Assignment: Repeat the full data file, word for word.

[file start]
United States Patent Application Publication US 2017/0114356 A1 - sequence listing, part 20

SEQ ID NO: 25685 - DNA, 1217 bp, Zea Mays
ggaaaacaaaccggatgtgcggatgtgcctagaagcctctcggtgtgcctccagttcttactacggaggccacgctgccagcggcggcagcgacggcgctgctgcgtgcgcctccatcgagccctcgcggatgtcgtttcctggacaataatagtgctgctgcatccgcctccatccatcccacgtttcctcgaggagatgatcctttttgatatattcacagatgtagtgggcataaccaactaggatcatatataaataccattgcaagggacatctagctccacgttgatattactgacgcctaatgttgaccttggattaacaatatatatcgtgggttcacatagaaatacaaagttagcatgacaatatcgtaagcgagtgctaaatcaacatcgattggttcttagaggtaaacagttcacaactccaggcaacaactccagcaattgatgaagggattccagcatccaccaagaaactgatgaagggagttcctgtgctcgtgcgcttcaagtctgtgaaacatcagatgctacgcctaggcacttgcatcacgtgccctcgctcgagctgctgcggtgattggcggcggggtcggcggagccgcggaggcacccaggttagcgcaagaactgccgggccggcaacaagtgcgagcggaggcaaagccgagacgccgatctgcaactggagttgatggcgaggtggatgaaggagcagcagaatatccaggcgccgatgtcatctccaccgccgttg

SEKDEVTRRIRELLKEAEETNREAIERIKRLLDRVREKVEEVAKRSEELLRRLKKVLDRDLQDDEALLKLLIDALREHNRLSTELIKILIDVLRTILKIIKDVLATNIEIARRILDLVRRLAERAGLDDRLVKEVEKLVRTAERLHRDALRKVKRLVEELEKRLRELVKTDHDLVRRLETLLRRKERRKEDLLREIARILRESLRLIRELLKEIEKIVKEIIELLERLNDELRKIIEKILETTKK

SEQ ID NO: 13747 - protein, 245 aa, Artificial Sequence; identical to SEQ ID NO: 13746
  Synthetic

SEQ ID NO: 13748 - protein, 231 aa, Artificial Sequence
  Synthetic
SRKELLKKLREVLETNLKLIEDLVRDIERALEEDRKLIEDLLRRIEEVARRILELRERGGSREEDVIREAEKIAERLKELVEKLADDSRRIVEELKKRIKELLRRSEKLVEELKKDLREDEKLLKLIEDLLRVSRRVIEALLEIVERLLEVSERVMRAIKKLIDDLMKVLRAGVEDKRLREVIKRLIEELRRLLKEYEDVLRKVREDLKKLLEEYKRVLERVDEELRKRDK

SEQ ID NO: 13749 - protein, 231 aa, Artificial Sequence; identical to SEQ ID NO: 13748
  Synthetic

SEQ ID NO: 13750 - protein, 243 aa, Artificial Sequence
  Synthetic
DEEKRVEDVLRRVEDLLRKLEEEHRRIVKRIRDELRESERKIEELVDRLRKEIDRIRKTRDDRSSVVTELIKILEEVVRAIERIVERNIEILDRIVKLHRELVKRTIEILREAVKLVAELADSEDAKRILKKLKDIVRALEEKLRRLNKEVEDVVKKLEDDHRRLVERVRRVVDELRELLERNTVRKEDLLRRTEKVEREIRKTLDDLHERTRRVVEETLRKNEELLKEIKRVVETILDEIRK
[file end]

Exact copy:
United States Patent Application Publication US 2017/0114356 A1 - sequence listing, part 20

SEQ ID NO: 25685 - DNA, 1217 bp, Zea Mays
ggaaaacaaaccggatgtgcggatgtgcctagaagcctctcggtgtgcctccagttcttactacggaggccacgctgccagcggcggcagcgacggcgctgctgcgtgcgcctccatcgagccctcgcggatgtcgtttcctggacaataatagtgctgctgcatccgcctccatccatcccacgtttcctcgaggagatgatcctttttgatatattcacagatgtagtgggcataaccaactaggatcatatataaataccattgcaagggacatctagctccacgttgatattactgacgcctaatgttgaccttggattaacaatatatatcgtgggttcacatagaaatacaaagttagcatgacaatatcgtaagcgagtgctaaatcaacatcgattggttcttagaggtaaacagttcacaactccaggcaacaactccagcaattgatgaagggattccagcatccaccaagaaactgatgaagggagttcctgtgctcgtgcgcttcaagtctgtgaaacatcagatgctacgcctaggcacttgcatcacgtgccctcgctcgagctgctgcggtgattggcggcggggtcggcggagccgcggaggcacccaggttagcgcaagaactgccgggccggcaacaagtgcgagcggaggcaaagccgagacgccgatctgcaactggagttgatggcgaggtggatgaaggagcagcagaatatccaggcgccgatgtcatctccaccgccgttg

SEKDEVTRRIRELLKEAEETNREAIERIKRLLDRVREKVEEVAKRSEELLRRLKKVLDRDLQDDEALLKLLIDALREHNRLSTELIKILIDVLRTILKIIKDVLATNIEIARRILDLVRRLAERAGLDDRLVKEVEKLVRTAERLHRDALRKVKRLVEELEKRLRELVKTDHDLVRRLETLLRRKERRKEDLLREIARILRESLRLIRELLKEIEKIVKEIIELLERLNDELRKIIEKILETTKK

SEQ ID NO: 13747 - protein, 245 aa, Artificial Sequence; identical to SEQ ID NO: 13746
  Synthetic

SEQ ID NO: 13748 - protein, 231 aa, Artificial Sequence
  Synthetic
SRKELLKKLREVLETNLKLIEDLVRDIERALEEDRKLIEDLLRRIEEVARRILELRERGGSREEDVIREAEKIAERLKELVEKLADDSRRIVEELKKRIKELLRRSEKLVEELKKDLREDEKLLKLIEDLLRVSRRVIEALLEIVERLLEVSERVMRAIKKLIDDLMKVLRAGVEDKRLREVIKRLIEELRRLLKEYEDVLRKVREDLKKLLEEYKRVLERVDEELRKRDK

SEQ ID NO: 13749 - protein, 231 aa, Artificial Sequence; identical to SEQ ID NO: 13748
  Synthetic

SEQ ID NO: 13750 - protein, 243 aa, Artificial Sequence
  Synthetic
DEEKRVEDVLRRVEDLLRKLEEEHRRIVKRIRDELRESERKIEELVDRLRKEIDRIRKTRDDRSSVVTELIKILEEVVRAIERIVERNIEILDRIVKLHRELVKRTIEILREAVKLVAELADSEDAKRILKKLKDIVRALEEKLRRLNKEVEDVVKKLEDDHRRLVERVRRVVDELRELLERNTVRKEDLLRRTEKVEREIRKTLDDLHERTRRVVEETLRKNEELLKEIKRVVETILDEIRK